It can be easy to forget that Jackson was thrown into the starting role midway through the 2018 season. This is his first full offseason as the starter, and he's already showing improvements as a passer.

"It's just one practice that I saw, but Jackson stuck in and around the pocket Friday," King wrote. "He spent the offseason doing what smart quarterbacks do—adjusting to the passing portion of his team's playbook. He was a 58 percent passer last year, but his 170-147 pass-run ratio in 2018 should be far more lopsided in favor of the pass in 2019."

Ravens Reportedly Work Out Josh Johnson, But He Passes on Offer

Robert Griffin III dressed for Sunday's training camp practice, accumulating mental reps and helping out in any way he could. While Griffin is sidelined for "at least a few weeks" after fracturing a bone in his right hand, the Ravens are in the market for a backup quarterback.

"[T]he Ravens have only two healthy signal callers, and they'll surely need another to get through the preseason," The Athletic's Jeff Zrebiec wrote. "If they are confident that Griffin won't be sidelined for too long … then they'll probably sign a veteran or a relatively unknown rookie just to serve as a camp body. If they are worried that Griffin's absence could extend into the regular season, then they may have to target a more established and experienced guy who would come in and compete with [Trace] McSorley for the backup job."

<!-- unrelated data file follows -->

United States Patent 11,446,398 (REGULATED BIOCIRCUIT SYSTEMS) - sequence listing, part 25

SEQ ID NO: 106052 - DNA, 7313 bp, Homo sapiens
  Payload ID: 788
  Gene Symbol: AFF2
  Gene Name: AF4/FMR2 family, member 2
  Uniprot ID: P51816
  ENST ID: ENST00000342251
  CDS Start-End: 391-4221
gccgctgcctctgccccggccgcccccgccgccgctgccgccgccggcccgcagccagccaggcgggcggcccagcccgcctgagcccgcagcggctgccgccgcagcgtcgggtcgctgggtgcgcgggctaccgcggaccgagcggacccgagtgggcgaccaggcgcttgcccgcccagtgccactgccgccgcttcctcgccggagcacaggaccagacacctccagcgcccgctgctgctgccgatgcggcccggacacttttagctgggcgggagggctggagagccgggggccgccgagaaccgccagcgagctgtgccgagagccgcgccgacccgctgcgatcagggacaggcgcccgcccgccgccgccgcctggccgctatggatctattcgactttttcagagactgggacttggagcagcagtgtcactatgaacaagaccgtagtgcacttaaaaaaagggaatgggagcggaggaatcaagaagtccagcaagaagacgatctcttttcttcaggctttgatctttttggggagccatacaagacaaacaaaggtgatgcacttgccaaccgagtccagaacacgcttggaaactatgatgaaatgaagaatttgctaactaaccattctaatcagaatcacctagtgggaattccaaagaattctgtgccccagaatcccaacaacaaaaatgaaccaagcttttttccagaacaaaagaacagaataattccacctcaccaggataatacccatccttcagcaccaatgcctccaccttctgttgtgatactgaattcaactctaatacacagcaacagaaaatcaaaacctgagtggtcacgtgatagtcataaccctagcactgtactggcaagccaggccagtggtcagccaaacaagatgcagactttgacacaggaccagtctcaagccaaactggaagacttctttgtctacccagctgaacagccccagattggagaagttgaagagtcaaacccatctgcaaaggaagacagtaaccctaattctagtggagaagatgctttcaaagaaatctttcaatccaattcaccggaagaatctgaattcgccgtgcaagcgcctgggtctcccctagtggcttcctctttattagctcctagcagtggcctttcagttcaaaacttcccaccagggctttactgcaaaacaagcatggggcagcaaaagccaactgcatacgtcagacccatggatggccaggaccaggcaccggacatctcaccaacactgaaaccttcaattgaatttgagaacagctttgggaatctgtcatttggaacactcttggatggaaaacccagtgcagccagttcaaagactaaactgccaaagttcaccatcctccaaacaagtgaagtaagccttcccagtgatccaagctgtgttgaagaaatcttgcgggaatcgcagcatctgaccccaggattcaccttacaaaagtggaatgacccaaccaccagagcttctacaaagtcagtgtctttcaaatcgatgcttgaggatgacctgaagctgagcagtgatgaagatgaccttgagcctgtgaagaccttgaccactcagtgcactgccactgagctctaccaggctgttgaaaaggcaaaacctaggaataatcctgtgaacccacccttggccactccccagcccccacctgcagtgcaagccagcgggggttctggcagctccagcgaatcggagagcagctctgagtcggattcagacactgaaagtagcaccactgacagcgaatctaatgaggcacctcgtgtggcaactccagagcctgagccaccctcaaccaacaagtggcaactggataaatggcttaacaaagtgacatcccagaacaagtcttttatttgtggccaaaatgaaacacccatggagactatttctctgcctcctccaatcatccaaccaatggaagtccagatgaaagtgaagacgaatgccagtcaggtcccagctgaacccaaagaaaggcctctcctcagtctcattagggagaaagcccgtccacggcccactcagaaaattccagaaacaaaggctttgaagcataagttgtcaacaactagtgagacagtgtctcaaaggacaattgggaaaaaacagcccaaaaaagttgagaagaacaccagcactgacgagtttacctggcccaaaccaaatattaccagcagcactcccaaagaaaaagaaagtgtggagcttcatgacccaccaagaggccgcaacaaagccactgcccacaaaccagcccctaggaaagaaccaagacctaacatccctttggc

According to NFL Insider Ian Rapoport, the Ravens are reportedly working out free-agent quarterback Josh Johnson.

However, Rapoport tweeted Monday afternoon that Johnson passed on a Ravens offer.

There's familiarity on both sides (Johnson spent the 2016 offseason with Baltimore), and pundits believe Johnson makes sense given the available free-agent options.

"Johnson's mobility makes him a potential fit in the Ravens' offense, which the coaching staff built around the speed of starting quarterback Lamar Jackson," PennLive’s Aaron Kasinitz wrote. "Johnson also familiarity with the team after spending the 2016 preseason in Baltimore. And Johnson's stint with the 49ers came while Ravens Offensive Coordinator Greg Roman held the same job in San Francisco."